“It’s quite possible the outage would not have occurred if Amazon had stuck with Oracle,” said Matt Caesar, a computer science professor at the University of Illinois at Urbana-Champaign, after CNBC shared the details of the document. “Also, it appears they would have been able to diagnose the problem sooner if they were using Oracle’s database, which could possibly have reduced the outage duration.”
An Amazon spokesperson played down the issue in an emailed statement and said there was no outage, even though the internal document states that the database “degradation resulted in lags and complete outages.”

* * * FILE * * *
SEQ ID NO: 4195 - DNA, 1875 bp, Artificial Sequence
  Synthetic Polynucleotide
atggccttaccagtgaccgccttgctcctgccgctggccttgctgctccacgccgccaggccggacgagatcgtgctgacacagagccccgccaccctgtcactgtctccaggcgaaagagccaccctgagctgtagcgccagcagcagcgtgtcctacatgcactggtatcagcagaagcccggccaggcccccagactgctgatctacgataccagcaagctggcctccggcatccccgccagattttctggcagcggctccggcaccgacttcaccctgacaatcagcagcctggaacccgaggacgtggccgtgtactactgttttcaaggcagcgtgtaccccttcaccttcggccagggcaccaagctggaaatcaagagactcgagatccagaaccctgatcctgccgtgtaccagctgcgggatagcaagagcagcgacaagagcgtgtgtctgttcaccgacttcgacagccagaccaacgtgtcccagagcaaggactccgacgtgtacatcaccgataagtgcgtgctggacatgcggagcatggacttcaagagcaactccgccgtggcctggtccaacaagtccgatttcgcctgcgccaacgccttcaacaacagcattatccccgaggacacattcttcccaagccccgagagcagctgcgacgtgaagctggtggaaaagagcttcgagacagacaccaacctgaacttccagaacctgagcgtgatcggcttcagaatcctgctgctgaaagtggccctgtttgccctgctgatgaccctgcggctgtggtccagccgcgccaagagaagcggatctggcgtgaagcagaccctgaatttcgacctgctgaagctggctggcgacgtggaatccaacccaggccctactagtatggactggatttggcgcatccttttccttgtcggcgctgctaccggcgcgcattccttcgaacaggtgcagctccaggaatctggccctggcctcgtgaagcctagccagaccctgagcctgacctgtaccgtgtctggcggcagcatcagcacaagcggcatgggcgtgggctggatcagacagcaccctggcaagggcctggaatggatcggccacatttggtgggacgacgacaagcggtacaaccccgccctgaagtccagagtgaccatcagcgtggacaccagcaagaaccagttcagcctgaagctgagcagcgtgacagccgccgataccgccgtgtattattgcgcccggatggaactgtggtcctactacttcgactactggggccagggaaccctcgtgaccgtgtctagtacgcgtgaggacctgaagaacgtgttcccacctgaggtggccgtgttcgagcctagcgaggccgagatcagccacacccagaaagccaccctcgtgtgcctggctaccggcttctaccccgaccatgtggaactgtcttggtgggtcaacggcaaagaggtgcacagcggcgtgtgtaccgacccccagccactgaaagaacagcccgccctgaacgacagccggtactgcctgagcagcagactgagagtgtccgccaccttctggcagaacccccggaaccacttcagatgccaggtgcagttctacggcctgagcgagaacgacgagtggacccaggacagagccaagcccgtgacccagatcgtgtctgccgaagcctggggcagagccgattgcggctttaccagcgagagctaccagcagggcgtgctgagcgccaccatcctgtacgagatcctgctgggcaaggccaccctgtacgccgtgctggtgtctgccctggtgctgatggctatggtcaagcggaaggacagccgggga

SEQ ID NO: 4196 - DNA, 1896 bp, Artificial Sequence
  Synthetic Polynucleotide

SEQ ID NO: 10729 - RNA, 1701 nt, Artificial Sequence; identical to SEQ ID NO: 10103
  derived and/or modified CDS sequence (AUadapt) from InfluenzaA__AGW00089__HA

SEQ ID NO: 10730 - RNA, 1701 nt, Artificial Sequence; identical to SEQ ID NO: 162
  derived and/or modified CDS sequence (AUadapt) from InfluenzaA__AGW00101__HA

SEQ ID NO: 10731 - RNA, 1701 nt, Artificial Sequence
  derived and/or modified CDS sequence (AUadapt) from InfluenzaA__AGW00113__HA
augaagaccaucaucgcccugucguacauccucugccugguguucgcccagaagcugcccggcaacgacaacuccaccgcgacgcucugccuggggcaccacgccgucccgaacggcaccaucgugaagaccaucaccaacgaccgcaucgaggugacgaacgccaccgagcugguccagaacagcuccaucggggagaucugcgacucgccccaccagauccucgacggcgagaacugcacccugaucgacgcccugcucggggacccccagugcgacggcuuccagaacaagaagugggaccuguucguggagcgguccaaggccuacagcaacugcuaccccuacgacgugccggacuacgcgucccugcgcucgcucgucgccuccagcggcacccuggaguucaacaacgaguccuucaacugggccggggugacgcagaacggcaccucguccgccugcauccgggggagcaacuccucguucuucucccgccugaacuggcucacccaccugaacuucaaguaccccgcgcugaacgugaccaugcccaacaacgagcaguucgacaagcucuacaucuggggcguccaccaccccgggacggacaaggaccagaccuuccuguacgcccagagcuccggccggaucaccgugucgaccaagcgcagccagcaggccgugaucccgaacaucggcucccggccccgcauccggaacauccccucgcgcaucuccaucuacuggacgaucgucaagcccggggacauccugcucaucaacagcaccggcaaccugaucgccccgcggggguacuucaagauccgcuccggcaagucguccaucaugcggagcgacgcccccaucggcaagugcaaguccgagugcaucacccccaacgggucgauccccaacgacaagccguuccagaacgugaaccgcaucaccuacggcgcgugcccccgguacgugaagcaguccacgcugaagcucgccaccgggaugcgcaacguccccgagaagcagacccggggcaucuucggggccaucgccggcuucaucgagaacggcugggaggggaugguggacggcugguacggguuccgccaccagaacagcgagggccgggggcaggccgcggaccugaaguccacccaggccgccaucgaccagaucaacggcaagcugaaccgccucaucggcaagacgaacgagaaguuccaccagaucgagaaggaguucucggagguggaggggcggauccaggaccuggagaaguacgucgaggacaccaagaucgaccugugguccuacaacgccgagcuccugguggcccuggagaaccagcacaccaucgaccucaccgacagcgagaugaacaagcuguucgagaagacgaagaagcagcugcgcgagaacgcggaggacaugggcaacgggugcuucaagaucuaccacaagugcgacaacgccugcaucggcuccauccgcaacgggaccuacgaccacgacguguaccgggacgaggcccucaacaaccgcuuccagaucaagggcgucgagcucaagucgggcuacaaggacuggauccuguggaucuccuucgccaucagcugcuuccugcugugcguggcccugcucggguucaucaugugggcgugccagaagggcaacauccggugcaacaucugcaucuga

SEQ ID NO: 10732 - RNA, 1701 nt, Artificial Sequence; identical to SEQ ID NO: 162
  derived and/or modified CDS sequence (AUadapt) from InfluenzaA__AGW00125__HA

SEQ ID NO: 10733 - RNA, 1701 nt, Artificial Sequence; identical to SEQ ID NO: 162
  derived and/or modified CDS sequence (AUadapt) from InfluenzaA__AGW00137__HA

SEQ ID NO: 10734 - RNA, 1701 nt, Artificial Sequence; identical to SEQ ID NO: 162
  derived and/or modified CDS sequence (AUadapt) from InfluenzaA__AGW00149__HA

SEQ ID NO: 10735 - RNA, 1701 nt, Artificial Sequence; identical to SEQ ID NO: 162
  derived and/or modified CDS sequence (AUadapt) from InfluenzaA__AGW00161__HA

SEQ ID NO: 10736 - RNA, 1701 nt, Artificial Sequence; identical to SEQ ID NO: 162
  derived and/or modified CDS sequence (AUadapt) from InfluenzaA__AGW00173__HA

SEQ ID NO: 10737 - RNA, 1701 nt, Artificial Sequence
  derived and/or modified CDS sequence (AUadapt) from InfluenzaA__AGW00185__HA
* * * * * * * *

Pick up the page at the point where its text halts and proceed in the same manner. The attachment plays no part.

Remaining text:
“It is important to point out that there was never an outage at the facility, and the issue only resulted in delaying shipping of about one percent of packages for a short period of time,” the spokesperson said. “This issue was quickly diagnosed and resolved.”
The Ohio warehouse is the largest of the 13 warehouses that moved its database off Oracle prior to Prime Day. During the Prime Day period, it handled over 1.1 million packages per day, the documents say. All services and software that handle inventory and shipping data had been migrated to Aurora in those warehouses.
The outage, which lasted for hours on Prime Day, resulted in over 15,000 delayed packages and roughly $90,000 in wasted labor costs, according to the report. Those costs don’t include all the lost hours spent by engineers troubleshooting and fixing the errors or any potential lost sales.